Cambridge University to ‘Decolonise’ English Literature Curriculum?

Cambridge University Black white authors english literature

Absurdity does not know limits – once it was the absurdity of the English ambition which enslaved almost half of the greatest land on the planet earth and did what could only be seen as an act of apparent terror. Today, I have come across a very interesting news which could once again be seen as a mere absurdity and nothing more – Cambridge University’s professors might be replacing the white authors with black authors in the syllabus of English Literature to give in to the demands put by the students to ‘decolonise’ the curriculum! Ever heard something as absurd as that? As far as my case stands, I did not!

The teaching forum for English Faculty at Cambridge has come up with an idea that the tutors and the lecturers in the class will have to ensure that the presence of the black and the minority ethnic during the discourse.

Nevertheless, there is no clarification on the news as such because the website which has reported this news also suggests that the officials at the Cambridge University have denied any such plans to replace the white authors with the black ones. It all started with an open letter which was written by Lola Olufemi, the women’s officer for Cambridge University Student Union. And the open letter penned by her was itself entitled ‘Decolonising the English Faculty’. And this letter has attracted somewhat 100 signatures so far.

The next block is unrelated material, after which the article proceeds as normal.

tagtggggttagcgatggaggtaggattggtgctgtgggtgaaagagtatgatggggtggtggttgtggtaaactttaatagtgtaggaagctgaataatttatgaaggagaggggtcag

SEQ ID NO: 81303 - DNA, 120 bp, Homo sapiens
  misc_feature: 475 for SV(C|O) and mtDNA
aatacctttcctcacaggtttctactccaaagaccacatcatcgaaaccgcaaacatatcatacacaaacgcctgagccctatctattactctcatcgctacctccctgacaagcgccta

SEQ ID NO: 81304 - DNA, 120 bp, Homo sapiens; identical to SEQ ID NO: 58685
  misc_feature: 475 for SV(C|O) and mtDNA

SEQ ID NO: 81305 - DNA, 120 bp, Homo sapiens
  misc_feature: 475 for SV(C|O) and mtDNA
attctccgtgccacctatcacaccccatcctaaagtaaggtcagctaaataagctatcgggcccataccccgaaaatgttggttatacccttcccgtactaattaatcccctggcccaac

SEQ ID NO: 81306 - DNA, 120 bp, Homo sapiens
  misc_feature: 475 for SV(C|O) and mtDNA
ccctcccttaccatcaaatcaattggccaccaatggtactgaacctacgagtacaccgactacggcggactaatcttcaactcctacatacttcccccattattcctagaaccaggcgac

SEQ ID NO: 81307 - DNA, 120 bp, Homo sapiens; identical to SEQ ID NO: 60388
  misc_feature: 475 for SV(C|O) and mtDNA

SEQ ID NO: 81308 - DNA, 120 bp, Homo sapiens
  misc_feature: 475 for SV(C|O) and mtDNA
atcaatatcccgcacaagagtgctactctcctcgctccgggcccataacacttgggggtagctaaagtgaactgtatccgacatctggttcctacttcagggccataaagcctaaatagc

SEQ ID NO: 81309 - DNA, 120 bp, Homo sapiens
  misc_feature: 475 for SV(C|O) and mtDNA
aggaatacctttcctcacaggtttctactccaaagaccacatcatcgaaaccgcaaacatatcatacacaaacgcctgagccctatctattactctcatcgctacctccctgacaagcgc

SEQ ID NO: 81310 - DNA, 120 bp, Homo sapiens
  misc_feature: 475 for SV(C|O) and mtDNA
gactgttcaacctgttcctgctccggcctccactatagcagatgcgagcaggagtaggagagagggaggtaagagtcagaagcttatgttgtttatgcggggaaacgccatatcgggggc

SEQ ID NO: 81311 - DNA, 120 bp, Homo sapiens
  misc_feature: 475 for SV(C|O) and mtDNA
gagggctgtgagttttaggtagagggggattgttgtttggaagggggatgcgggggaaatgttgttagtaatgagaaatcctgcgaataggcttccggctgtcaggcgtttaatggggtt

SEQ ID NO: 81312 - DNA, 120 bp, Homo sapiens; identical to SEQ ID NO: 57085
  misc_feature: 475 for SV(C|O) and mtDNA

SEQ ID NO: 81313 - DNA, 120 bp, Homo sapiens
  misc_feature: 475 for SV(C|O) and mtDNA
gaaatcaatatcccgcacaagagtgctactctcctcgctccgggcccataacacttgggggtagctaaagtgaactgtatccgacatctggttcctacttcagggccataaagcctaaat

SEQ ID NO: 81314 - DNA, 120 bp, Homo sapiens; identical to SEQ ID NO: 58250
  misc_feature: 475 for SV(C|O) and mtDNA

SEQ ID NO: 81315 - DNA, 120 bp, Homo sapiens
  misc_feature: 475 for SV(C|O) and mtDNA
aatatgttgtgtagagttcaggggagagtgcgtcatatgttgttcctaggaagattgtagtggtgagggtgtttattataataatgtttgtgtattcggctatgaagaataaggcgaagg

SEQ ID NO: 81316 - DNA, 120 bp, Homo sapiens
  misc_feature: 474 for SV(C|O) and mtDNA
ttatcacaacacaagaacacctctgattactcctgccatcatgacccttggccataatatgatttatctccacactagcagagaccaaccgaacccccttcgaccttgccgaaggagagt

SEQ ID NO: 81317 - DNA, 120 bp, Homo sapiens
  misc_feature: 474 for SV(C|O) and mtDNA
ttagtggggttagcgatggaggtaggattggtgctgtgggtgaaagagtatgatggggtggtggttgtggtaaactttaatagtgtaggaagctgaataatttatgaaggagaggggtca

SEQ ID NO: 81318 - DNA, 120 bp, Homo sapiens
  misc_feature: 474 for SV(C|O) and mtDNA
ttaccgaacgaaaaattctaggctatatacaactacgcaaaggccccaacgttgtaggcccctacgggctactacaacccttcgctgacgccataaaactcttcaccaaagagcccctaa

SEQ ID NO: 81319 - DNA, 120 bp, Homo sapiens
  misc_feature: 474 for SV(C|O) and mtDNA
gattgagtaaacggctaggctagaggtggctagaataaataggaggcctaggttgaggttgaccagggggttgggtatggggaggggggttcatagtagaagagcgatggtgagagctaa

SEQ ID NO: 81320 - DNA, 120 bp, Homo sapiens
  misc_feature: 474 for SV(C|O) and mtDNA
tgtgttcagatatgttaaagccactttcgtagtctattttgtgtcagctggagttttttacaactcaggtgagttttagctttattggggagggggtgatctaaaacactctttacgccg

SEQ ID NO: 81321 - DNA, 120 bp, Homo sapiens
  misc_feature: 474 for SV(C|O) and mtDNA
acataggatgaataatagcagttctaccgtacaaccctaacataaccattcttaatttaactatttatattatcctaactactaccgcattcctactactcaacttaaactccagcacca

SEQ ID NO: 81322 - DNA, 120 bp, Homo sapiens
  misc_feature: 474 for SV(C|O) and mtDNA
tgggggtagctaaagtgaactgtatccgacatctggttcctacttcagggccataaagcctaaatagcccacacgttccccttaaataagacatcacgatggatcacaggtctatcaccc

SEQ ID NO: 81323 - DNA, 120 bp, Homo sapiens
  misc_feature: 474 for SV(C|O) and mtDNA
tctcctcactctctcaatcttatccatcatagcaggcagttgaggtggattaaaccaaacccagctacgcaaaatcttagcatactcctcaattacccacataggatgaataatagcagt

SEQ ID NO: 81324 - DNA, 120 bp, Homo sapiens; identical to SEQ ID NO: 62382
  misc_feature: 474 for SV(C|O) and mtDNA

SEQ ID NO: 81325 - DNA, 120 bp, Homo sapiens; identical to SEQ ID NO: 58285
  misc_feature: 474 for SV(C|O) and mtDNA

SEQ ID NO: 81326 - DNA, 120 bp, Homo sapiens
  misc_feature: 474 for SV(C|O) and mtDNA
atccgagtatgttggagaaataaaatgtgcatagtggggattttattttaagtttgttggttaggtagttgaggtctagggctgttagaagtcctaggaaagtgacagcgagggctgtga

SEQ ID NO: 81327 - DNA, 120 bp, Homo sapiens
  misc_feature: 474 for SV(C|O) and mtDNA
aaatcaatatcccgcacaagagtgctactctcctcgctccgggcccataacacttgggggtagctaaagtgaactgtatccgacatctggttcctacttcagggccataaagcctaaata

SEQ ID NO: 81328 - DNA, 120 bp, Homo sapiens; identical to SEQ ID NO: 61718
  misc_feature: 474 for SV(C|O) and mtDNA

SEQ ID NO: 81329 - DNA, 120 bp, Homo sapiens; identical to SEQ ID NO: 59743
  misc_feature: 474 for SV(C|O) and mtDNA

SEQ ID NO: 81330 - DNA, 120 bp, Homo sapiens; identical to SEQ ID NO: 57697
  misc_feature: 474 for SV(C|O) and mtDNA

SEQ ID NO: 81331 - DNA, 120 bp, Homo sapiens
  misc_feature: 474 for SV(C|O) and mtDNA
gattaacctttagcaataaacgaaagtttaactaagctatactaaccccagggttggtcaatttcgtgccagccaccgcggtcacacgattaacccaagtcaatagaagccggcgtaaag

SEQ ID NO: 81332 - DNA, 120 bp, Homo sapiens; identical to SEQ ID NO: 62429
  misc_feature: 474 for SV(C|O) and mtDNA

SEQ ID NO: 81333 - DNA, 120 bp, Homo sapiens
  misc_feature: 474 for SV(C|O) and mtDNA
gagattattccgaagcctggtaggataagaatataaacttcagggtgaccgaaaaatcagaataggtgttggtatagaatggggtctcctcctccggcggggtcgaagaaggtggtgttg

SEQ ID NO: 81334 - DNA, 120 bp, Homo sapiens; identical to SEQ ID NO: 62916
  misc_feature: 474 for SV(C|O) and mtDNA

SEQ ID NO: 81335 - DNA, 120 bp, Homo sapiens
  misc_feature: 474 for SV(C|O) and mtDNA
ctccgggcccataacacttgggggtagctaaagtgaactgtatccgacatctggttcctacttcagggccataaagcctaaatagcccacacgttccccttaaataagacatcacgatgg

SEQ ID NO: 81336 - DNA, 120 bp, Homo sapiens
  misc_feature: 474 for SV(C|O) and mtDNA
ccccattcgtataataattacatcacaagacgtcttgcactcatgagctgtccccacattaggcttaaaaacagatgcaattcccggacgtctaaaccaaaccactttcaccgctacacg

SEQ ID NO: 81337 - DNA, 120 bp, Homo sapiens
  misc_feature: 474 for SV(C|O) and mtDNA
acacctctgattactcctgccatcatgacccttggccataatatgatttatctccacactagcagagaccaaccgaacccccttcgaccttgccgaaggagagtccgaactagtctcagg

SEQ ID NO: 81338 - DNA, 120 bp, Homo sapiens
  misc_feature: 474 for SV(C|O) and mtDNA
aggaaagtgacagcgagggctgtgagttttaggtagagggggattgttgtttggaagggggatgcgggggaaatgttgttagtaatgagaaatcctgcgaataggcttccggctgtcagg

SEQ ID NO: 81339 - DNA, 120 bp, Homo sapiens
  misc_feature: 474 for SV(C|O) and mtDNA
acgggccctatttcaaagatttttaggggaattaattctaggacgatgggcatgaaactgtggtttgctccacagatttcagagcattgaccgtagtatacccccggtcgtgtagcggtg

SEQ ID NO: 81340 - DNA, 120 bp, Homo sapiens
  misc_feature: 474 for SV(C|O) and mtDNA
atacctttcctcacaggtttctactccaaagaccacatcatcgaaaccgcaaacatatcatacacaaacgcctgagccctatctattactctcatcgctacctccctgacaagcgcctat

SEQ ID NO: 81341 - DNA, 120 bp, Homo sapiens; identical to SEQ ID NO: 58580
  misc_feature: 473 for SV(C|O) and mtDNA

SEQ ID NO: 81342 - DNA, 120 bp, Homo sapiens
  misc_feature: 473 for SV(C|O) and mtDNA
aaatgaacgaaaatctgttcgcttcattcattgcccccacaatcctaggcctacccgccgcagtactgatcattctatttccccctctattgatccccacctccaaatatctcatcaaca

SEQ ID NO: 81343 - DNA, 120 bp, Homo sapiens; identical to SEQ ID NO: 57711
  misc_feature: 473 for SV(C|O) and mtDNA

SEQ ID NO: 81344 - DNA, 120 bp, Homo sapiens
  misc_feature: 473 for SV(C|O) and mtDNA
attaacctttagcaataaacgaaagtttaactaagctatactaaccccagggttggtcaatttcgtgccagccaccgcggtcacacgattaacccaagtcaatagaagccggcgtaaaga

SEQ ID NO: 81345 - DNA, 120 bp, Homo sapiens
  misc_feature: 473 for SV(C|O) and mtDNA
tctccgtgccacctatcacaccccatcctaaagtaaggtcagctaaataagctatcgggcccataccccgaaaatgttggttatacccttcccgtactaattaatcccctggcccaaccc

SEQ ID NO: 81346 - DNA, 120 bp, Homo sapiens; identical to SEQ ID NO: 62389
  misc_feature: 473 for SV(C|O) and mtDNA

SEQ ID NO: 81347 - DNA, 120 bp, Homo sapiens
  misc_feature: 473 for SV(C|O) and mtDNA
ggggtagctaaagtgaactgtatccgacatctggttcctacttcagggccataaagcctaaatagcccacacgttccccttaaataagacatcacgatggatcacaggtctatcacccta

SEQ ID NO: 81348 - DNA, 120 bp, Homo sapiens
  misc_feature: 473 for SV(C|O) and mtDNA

There is a matter of debate which comes up with this news, and that is for sure. I have also studied the literature produced by black and minority section of the world (I am not being derogatory in any sense). However, that section was entitled – colonial literature. That was a good part of the curriculum as we students had a good chance to understand the depth and width of the literature which was somewhat produced under suppression and influence – and white people, during the same period, were also penning literature which showed the same emotions but with a different angle. Studying them side by side is certainly a great idea but replacing altogether the white ones with the black ones might not be as good as it is now.

The news has no validity as of now unless the official Cambridge University statement comes out. We can wait and watch what transpires in this developing debate. Replacing, however, does not seem a good idea to me and I am certainly against it. What the staff and the students can agree on should be ensuring that there enough of the books on the reading list and there is a balance between white and black (if the world wants to see it as it sounds).

Alok for LN